Rosa Parks was born on February 4, 1913. She was an African American civil rights activist and “catalyst” for the 2nd Civil Rights Movement known as the Montgomery Bus Boycott.
Rosa McCauley grew up in Montgomery, Alabama and attended the all-Black Alabama State College. Rosa and her husband Raymond Parks were active in Montgomery’s chapter of the NAACP. She worked as the chapter’s youth adviser; on voter registration drives and was secretary of the NAACP’s Montgomery branch in 1943. As the 1950’s began, the segregated seating policies on public buses were growing as a source of resentment and bitterness within the Black community in Montgomery.
Blacks were required to pay their fares at the front of the bus, and then board again through the back door. The white bus drivers would harass Blacks, sometimes driving away before they were able to get back on the bus. On December 1, 1955, Parks took her seat in the front of the “colored section”. When the driver asked Parks and three other Black riders to give up their seats to whites, Parks refused and was arrested; she soon agreed to let the NAACP provide legal council. Rosa Parks’ case was filed in United States District Court, which ruled in her favor, declaring segregated seating on buses unconstitutional, a decision later upheld by the U.S. Supreme Court.
Rosa Louise McCauley Parks was more than an inadvertent symbol; she was an experienced activist with strong beliefs. whose arrest for refusing to give up her seat on a bus set in motion the turning point in the African-American battle for civil rights. Parks and her husband relocated to Detroit in 1957, where in time, Congressman John Conyers hired her as an administrative assistant, a position she held until 1987. Her husband died of throat cancer on August 19, 1977 and her brother, her only sibling, died of cancer that November. Her personal ordeals caused her to become removed from the civil rights movement. She learned from a newspaper of the death of Fannie Lou Hamer, once a close friend. Parks suffered two broken bones in a fall on an icy sidewalk, an injury which caused considerable and recurring pain. She decided to move with her mother into an apartment for senior citizens. There she nursed her mother Leona through the final stages of cancer and geriatric dementia until she died in 1979 at the age of 92.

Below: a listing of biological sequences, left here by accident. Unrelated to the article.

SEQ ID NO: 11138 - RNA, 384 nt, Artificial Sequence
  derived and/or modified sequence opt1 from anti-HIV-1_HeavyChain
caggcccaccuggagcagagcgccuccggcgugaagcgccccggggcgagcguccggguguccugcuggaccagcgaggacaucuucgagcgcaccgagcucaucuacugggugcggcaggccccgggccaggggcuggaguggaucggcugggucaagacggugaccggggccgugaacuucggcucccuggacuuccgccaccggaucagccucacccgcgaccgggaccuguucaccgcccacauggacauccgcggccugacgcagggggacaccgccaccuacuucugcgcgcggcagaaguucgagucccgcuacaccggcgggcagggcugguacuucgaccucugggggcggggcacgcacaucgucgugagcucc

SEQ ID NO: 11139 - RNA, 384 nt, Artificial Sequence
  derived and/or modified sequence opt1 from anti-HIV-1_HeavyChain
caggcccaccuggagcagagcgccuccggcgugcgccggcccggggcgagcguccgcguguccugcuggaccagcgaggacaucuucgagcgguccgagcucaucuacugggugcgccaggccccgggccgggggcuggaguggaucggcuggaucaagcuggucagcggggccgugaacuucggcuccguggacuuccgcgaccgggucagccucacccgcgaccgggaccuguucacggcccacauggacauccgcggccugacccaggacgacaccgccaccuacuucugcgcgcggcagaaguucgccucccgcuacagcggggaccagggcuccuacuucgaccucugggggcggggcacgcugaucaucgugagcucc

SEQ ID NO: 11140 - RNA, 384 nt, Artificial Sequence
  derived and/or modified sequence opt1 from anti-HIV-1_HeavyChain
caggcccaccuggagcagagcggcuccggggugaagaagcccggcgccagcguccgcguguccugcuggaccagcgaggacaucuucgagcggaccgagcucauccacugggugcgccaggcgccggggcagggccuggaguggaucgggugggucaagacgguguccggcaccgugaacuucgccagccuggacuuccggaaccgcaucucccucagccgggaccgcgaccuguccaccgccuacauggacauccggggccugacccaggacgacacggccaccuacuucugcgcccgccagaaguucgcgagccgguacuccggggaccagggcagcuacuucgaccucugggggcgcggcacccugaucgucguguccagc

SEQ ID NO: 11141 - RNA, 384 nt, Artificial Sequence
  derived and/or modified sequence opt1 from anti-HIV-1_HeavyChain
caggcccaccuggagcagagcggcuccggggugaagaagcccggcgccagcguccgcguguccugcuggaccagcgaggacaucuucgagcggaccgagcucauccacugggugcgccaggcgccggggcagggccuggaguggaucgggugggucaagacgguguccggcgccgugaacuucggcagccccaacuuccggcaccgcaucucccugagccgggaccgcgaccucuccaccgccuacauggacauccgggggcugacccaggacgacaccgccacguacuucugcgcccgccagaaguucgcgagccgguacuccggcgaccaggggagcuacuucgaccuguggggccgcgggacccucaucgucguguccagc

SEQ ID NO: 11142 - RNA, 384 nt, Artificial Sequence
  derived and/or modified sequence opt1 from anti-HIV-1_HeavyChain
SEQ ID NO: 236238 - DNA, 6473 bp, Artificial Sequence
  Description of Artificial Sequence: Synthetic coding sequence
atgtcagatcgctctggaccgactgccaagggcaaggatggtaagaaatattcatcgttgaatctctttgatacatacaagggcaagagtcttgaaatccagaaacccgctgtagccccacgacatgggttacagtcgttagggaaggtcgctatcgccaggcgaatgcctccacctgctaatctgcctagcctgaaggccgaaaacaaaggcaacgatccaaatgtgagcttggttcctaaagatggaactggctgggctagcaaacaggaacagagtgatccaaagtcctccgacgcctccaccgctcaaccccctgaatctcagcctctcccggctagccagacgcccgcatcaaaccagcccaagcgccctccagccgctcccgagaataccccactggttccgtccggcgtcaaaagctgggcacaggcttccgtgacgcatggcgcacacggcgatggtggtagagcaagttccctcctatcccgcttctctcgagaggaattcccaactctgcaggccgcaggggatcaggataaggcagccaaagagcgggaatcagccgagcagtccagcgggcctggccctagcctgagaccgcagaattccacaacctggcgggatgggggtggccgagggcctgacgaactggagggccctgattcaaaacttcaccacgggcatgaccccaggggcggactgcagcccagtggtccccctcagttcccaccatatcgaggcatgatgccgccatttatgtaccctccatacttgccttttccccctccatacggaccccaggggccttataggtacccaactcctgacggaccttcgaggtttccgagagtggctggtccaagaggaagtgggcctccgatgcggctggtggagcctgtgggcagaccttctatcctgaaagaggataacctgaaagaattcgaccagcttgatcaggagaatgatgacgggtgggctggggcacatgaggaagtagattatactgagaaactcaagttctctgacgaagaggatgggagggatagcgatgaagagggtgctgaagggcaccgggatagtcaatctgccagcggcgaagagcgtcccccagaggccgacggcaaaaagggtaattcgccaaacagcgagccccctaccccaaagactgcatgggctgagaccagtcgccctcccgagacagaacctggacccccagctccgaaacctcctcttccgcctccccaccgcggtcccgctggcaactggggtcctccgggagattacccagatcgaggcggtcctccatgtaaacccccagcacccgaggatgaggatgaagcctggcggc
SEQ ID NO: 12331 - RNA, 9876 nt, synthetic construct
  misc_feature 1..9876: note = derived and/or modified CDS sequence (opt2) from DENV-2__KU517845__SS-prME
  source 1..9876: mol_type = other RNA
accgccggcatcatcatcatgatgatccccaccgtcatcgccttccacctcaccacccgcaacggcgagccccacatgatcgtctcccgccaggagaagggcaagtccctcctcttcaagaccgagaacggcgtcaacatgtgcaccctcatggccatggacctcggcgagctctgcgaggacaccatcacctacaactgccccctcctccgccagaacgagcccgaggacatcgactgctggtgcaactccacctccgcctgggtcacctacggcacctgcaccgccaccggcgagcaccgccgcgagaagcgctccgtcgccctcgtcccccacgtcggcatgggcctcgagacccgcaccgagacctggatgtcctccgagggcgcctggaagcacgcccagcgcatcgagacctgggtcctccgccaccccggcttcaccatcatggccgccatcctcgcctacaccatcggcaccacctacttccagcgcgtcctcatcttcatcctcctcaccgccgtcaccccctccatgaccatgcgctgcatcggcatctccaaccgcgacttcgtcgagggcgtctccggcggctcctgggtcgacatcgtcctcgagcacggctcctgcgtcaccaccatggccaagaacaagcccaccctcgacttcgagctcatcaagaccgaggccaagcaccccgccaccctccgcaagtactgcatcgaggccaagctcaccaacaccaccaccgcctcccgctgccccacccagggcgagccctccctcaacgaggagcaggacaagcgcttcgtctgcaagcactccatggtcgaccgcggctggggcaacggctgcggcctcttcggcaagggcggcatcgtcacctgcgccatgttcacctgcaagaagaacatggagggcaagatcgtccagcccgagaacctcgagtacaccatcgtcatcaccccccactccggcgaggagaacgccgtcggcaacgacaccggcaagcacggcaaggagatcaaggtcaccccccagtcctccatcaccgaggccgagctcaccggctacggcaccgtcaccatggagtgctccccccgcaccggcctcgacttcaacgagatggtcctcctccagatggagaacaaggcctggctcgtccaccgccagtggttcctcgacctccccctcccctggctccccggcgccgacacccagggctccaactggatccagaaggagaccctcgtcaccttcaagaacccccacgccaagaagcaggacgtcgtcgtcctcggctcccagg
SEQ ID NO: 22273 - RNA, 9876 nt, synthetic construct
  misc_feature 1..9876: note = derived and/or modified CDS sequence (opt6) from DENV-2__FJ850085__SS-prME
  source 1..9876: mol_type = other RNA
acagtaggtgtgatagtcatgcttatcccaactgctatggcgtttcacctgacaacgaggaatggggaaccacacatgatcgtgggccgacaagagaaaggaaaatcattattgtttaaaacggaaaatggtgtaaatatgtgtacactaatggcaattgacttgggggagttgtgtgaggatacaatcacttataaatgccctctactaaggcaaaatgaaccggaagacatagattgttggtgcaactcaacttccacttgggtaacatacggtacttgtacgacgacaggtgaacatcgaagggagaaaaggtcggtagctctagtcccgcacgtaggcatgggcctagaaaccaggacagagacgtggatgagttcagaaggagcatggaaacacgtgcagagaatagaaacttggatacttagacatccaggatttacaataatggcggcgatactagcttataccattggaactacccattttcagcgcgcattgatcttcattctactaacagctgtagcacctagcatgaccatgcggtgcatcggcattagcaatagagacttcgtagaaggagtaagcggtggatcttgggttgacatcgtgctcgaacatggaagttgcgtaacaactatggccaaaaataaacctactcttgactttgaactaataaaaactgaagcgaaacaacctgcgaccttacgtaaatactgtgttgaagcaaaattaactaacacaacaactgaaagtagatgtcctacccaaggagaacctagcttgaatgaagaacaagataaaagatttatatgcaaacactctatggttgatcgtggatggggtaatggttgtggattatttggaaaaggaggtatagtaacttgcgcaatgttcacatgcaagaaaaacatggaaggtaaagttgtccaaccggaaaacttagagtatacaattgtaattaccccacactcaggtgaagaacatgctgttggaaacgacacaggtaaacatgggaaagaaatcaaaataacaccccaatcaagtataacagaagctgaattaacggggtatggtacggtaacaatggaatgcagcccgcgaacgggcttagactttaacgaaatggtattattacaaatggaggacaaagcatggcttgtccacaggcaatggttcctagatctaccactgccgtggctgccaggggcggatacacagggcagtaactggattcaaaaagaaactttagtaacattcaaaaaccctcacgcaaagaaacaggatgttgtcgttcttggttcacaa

In 1980 Parks, widowed and without immediate family, rededicated herself to civil rights and educational organizations. She co-founded the Rosa L. Parks Scholarship Foundation for college-bound high school seniors, to which she donated most of her speaker fees. In February 1987 she co-founded, with Elaine Eason Steele, the Rosa and Raymond Parks Institute for Self Development, an institute that runs the “Pathways to Freedom” bus tours which introduce young people to important civil rights and Underground Railroad sites throughout the country. Though her health declined as she entered her seventies, Parks continued to make many appearances and devoted considerable energy to these causes.
A USPS stamp was issued with her image in 2013. Parks received national recognition, including the NAACP’s 1979 Spingarn Medal, the Presidential Medal of Freedom, the Congressional Gold Medal, and a posthumous statue in the United States Capitol’s National Statuary Hall. Upon her death on October 24 in 2005, on October 30th and 31st, she was the first woman and second non-U.S. government official to lie in honor at the Capitol Rotunda. By voice vote the House agreed to the action “so that the citizens of the United States may pay their last respects to this great American.”